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Myth and legend stripped away, and the truth revealed.
Not exactly. Outlaws & Gunslingers is marginally better than Mill Creek's other Western historical DVD, The Great Indian Wars, but that still doesn't mean it's actually good. It still suffers from the same flaws as that disc: meandering structure, dull visuals, and uneven presentation. It's actually understandable and informative in parts, which is more than can be said for The Great Indian Wars. Too much of it, however, is too poorly assembled to really be of much value.
Outlaws & Gunslingers is split into five episodes, each one dealing with a different aspect of the Wild West after the Civil War. Here are the five episodes compiled on the disc:
• "Origins of the Gunslinger"
• "Jesse James and the Southern Guerillas"
• "Billy the Kid and the Lone Outlaws"
• "Wild Bill Hickok and the Lawmen"
• "Wyatt Earp and the OK Corral Gunfight"
In theory, this is not a bad way to organize these shows. Probably the most famous Wild West stories, each is examined in detail, preceded by an introduction. There are some remarkable revelations here and there. It's interesting to learn, for instance, that Wild Bill Hickok came from a family of staunch abolitionists who used to smuggle slaves to Free states, that many of the clashes between cowboys and lawmen often boiled down to leftover Civil War conflicts rather than criminal acts, and that many outlaws, such as Jesse James and Billy the Kid, were savvy about using newspaper reporters to burnish their reputations. The show on the OK Corral shootout does give a fairly detailed history of each of the participants that explains how they ended up at the exact place and time to participate in the gunfight.
This episode, however, highlights the flaws in this disc. For one thing, though it does a good job of describing the lead-up to the gunfight, it botches explaining how the fight actually took place. This is a constant failing of this disc. Each of the important characters profiled, such as Wild Bill Hickok, Billy the Kid, and Jesse James, gets a fairly detailed biography right up until the moment they finally become renowned. The documentary claims that Wild Bill Hickok is considered by many to be possibly the best gunfighter of the Wild West. Why? The DVD doesn't say. The documentary also asserts that Jesse James was maybe the most feared outlaw of his time. Why were so many so afraid of him? There's no reason given. On and on, in so many places with so many figures, you'll hear that these men were important, but no one ever actually explains what exactly they did that was so important. It's as if the DVD assumes you already know about the actual gunfights, robberies, and showdowns and just need to know everything that transpired prior to them. That's a hugely sloppy mistake which makes these shows seem lazy and incomplete.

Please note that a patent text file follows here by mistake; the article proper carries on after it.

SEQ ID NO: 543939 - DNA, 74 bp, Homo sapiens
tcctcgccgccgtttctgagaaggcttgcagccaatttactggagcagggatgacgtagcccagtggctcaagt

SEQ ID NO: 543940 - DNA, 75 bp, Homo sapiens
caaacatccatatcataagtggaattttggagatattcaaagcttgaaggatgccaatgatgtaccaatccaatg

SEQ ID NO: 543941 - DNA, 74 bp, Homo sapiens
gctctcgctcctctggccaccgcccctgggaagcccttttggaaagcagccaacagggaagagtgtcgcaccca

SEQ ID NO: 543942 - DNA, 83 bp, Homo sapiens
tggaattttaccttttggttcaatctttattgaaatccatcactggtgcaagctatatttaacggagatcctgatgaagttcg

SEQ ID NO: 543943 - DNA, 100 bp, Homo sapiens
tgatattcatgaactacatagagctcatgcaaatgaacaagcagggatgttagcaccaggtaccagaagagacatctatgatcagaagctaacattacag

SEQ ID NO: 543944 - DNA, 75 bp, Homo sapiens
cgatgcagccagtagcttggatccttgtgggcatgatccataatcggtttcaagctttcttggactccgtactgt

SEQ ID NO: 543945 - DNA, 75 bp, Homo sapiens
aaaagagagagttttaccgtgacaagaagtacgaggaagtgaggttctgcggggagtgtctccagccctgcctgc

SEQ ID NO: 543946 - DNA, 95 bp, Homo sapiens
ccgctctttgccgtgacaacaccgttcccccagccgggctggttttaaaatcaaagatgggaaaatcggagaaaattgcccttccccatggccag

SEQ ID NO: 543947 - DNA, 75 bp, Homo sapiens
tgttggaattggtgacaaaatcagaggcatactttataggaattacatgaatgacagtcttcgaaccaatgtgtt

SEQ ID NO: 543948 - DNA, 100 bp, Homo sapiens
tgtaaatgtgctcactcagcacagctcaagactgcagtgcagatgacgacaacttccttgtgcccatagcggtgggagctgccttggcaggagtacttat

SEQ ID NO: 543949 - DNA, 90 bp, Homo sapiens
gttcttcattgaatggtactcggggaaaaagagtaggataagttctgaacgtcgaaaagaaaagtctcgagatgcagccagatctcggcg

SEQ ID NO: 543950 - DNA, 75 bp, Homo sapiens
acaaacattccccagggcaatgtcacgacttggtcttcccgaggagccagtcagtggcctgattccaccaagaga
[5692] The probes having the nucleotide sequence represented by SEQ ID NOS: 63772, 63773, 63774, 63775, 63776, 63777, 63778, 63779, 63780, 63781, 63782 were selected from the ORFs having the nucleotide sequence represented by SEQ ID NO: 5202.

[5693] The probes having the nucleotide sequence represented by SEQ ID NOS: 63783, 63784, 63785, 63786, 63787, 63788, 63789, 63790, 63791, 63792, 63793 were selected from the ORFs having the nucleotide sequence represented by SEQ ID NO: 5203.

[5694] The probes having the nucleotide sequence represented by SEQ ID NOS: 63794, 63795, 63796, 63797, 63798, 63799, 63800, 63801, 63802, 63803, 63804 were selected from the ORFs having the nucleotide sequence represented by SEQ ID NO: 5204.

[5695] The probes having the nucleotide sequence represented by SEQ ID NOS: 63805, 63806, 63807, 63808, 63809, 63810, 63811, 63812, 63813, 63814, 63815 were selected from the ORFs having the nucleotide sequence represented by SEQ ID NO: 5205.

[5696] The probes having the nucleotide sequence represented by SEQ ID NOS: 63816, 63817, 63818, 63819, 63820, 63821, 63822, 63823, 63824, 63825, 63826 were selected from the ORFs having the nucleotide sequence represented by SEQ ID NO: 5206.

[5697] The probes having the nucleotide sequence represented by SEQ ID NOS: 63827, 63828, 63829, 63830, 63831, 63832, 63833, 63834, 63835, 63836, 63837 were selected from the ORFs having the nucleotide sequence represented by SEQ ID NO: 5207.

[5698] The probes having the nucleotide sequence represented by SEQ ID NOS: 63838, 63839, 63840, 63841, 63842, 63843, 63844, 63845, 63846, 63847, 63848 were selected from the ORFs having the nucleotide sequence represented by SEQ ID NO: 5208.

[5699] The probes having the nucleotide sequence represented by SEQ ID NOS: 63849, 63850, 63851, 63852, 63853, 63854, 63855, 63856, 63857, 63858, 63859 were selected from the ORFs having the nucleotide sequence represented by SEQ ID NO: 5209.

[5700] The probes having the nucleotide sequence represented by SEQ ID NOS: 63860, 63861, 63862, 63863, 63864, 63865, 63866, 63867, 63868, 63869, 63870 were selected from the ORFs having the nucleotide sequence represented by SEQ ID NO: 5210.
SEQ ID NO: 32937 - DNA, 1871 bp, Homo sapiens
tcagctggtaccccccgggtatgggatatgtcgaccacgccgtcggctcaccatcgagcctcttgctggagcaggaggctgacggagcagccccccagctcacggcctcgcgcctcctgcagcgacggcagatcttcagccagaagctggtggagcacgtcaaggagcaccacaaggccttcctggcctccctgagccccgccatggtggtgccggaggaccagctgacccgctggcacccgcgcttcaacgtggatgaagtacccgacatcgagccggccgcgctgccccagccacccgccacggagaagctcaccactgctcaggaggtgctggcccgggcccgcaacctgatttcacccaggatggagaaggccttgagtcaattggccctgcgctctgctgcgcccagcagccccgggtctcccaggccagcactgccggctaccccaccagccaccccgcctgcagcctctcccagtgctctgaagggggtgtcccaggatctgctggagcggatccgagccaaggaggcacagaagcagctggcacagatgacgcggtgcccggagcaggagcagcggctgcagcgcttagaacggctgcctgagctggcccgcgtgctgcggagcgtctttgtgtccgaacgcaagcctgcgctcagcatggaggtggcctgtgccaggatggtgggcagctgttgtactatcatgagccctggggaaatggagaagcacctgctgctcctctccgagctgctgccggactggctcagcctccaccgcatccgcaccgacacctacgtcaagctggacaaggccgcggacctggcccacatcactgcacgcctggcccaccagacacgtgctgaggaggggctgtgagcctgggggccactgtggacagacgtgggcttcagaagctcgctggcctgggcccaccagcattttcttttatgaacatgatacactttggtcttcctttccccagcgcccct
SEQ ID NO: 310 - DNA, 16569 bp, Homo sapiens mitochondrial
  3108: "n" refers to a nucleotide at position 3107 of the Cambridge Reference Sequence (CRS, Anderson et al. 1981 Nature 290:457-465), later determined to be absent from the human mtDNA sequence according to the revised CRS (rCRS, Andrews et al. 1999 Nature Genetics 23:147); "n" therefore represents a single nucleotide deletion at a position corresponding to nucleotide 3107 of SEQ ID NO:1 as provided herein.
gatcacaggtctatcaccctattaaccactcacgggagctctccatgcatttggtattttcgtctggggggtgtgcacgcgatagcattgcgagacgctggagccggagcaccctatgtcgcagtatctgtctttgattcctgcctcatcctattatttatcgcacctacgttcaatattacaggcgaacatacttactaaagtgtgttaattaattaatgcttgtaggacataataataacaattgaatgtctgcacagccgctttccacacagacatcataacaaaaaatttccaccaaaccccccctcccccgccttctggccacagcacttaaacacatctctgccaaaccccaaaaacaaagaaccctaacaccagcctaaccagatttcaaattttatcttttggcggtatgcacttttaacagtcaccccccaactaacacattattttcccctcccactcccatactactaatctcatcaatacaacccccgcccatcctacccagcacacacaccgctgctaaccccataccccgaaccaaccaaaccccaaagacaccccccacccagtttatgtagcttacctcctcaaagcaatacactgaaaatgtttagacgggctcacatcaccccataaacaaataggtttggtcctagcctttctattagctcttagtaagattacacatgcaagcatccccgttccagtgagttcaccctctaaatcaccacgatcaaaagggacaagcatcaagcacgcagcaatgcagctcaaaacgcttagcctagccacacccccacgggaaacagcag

If that wasn't bad enough, the presentation is even worse. The only visual accompaniment to most of these stories consists of either old black-and-white footage from minor B-movies or shots of talking heads. Neither technique is particularly evocative or useful. There are also a few bits and pieces of reenactments apparently recorded at theme parks, judging by the ridiculous overacting, tenth-rate special effects, and crummy video quality. Really, why did the producers even bother? Also, the editing is equally careless, since there are several segments that repeat from episode to episode, except cut in random spots. The overall effect is of a cheap money grab, which is a shame since these stories deserve much better.
Technical specs aren't much to write about. Full-screen transfer, stereo mix, both of which get the job done but aren't particularly earth-shattering. There are no extras.
Ultimately, if you're really interested in hearing about the Wild West, this is not the place to start. There are some interesting revelations here and there on this DVD, but you could probably find those in written biographies. This disc adds little that you couldn't get elsewhere and is so irritating to watch that you'll probably turn it off well before it's over. There are better sources elsewhere.
Guilty of sloppy storytelling mixed with shoddy presentation.
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Studio: Mill Creek Entertainment
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